Shiira vs. Bookmark Management


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This topic started off as a summary of outstanding bugs, to date, for the 1.2.2 release of Shiira, but a quick search of the Shiira forum produced a thorough and well thought out post from forum member ‘Brizon‘ covering almost every documented issue discovered by various forum members so far and although posted in January 2006 and relating to 1.2 on 10.3.9, most, if not all issues still remain with version 1.2.2 [ nightlies included ] up to Mac OS X 10.4.x [ 6 as of this post ]. Of course it has been nice to gain a handful of new features, but it would be even nicer to see these issues addressed in up-and-coming builds.

Rather to rehash that post, I have decided instead, to suggest a few ‘enhancements’ for essential, existing features starting with Shiira’s Bookmarks.

Use Appropriate Edge Automatically

Currently, Bookmark management in Shiira is somewhat rudimentary, providing an interface for only very basic management tasks [ ie. adding, deleting, renaming and re-ordering ]. While Shiira offers the user a dedicated panel for managing Downloads, it doesn’t extend this courtesy to any of the other tabs displayed in the Sidebar and confining it to the relatively small area of the Sidebar, managing a large number of bookmarks or groups of bookmarks can quickly becomes a bit of an issue.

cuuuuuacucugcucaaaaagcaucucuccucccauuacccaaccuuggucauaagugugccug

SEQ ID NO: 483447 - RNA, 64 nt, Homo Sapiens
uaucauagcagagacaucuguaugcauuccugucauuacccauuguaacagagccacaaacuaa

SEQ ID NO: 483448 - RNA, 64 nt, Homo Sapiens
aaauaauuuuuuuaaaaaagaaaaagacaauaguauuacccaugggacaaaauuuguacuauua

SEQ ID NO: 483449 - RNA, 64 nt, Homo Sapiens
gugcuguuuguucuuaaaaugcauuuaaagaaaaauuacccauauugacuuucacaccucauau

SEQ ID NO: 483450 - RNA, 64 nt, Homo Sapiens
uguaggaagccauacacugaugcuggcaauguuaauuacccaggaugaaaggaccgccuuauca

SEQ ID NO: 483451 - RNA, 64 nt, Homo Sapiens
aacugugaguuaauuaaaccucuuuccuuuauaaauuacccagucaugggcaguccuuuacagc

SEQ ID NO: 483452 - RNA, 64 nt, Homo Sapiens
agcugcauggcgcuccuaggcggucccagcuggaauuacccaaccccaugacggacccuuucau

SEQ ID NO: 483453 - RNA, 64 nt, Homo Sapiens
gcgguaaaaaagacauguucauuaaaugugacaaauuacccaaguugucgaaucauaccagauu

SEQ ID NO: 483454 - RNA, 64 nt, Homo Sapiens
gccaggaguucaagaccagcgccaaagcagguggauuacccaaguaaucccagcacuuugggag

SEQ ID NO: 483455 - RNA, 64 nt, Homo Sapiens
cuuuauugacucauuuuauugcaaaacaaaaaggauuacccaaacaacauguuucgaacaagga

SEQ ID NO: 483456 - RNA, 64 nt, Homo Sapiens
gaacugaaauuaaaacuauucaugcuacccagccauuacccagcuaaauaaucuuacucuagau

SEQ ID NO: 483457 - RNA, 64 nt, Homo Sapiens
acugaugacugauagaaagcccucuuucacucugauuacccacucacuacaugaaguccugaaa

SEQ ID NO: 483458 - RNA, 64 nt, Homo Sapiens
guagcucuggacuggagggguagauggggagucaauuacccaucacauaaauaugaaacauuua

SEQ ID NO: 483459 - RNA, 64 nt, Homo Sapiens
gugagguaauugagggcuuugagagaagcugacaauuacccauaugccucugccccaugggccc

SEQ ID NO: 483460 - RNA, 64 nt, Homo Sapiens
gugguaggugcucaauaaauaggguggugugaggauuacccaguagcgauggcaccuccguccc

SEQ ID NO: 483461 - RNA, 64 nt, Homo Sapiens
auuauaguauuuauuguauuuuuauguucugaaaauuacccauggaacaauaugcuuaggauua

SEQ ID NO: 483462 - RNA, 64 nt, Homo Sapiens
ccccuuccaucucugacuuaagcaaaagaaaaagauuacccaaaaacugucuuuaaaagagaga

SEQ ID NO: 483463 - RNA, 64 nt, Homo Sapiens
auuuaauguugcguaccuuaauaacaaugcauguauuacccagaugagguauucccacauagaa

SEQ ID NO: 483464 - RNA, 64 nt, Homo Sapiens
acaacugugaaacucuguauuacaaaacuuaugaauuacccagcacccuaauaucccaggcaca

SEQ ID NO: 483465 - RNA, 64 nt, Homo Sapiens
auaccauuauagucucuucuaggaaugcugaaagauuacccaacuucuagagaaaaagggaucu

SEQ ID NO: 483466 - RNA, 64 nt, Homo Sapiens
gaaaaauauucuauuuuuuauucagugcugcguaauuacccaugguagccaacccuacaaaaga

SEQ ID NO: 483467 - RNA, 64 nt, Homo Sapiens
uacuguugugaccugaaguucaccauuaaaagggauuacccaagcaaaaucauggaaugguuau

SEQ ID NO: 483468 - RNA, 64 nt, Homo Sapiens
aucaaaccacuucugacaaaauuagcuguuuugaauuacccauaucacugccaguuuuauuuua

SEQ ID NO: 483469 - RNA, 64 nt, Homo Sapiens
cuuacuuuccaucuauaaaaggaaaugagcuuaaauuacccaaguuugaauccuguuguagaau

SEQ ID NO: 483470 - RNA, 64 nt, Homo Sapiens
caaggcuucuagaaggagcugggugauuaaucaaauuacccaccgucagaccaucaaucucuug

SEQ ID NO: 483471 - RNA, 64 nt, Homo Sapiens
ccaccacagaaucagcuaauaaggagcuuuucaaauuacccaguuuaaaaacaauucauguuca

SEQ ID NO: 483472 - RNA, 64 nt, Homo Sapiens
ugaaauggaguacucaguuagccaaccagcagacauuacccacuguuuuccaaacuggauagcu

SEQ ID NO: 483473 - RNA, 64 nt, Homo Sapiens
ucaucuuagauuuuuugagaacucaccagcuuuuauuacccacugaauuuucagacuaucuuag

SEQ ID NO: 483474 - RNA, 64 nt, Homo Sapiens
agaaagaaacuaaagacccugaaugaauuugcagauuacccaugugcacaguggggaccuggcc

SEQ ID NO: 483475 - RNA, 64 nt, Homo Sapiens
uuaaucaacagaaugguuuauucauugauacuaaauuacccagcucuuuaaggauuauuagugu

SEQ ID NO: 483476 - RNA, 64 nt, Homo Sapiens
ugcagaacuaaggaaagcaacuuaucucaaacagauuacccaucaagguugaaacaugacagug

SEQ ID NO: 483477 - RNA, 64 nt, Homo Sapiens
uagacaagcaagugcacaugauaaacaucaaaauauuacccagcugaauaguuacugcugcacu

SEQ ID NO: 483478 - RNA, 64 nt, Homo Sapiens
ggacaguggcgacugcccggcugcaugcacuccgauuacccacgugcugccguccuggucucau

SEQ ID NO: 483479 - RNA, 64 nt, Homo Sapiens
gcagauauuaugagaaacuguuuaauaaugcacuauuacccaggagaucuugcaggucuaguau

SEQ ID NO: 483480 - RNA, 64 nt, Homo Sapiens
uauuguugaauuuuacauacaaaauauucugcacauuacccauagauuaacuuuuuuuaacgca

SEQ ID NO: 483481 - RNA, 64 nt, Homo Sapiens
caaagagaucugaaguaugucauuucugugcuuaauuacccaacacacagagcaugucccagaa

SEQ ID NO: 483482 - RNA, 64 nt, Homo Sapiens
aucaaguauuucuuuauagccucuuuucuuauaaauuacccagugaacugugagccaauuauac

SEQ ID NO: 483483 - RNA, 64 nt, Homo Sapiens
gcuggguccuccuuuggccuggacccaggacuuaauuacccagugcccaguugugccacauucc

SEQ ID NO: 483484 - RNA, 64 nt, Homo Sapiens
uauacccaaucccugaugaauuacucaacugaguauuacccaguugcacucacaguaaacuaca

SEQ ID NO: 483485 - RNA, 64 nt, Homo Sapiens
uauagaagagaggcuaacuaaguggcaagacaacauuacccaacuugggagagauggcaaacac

I have witnessed a number of users voice their support for the Sidebar and its usage during the life cycle of this application, but none have really managed to convince me that it is indeed the best solution. Apple has improved the implementation over the last couple of System updates, but Drawers still have a unpredictable nature about them—sometimes they open on the left, other times they open on the right depending on the position of the applications’ window in relation to the edges of your screen. With other applications, such as Camino abandoning the drawer for accessing this kind of information around version 0.7 [ March 2003 ]—and even Apple seems to be dropping them in favour of ‘actual’ sidebars [ cf. Mail 2.0.x ], it seems this interface convention is on its way out.

What I suspect users really ‘love’ about the current Sidebar, is merely the convenience it offers in terms of a quick, visual reference to the data it contains without the need for complicated key commands, excessive menu navigation or new windows and/or panels. Click a button [ or use the appropriate key command; Show Bookmarks in Sidebar - ⌥⌘B ], have the Sidebar ’slide’ out resizing the main window if required and continue browsing. Your bookmarks are there, in plain view, ready should you need them. In fact, having the Sidebar exposed continuously doesn’t hinder the browsing experience at all [ provided you have a wide-ish screen ]. But is there another, more convenient method of displaying this information which builds on this ’simplistic’ nature most users have grown to enjoy?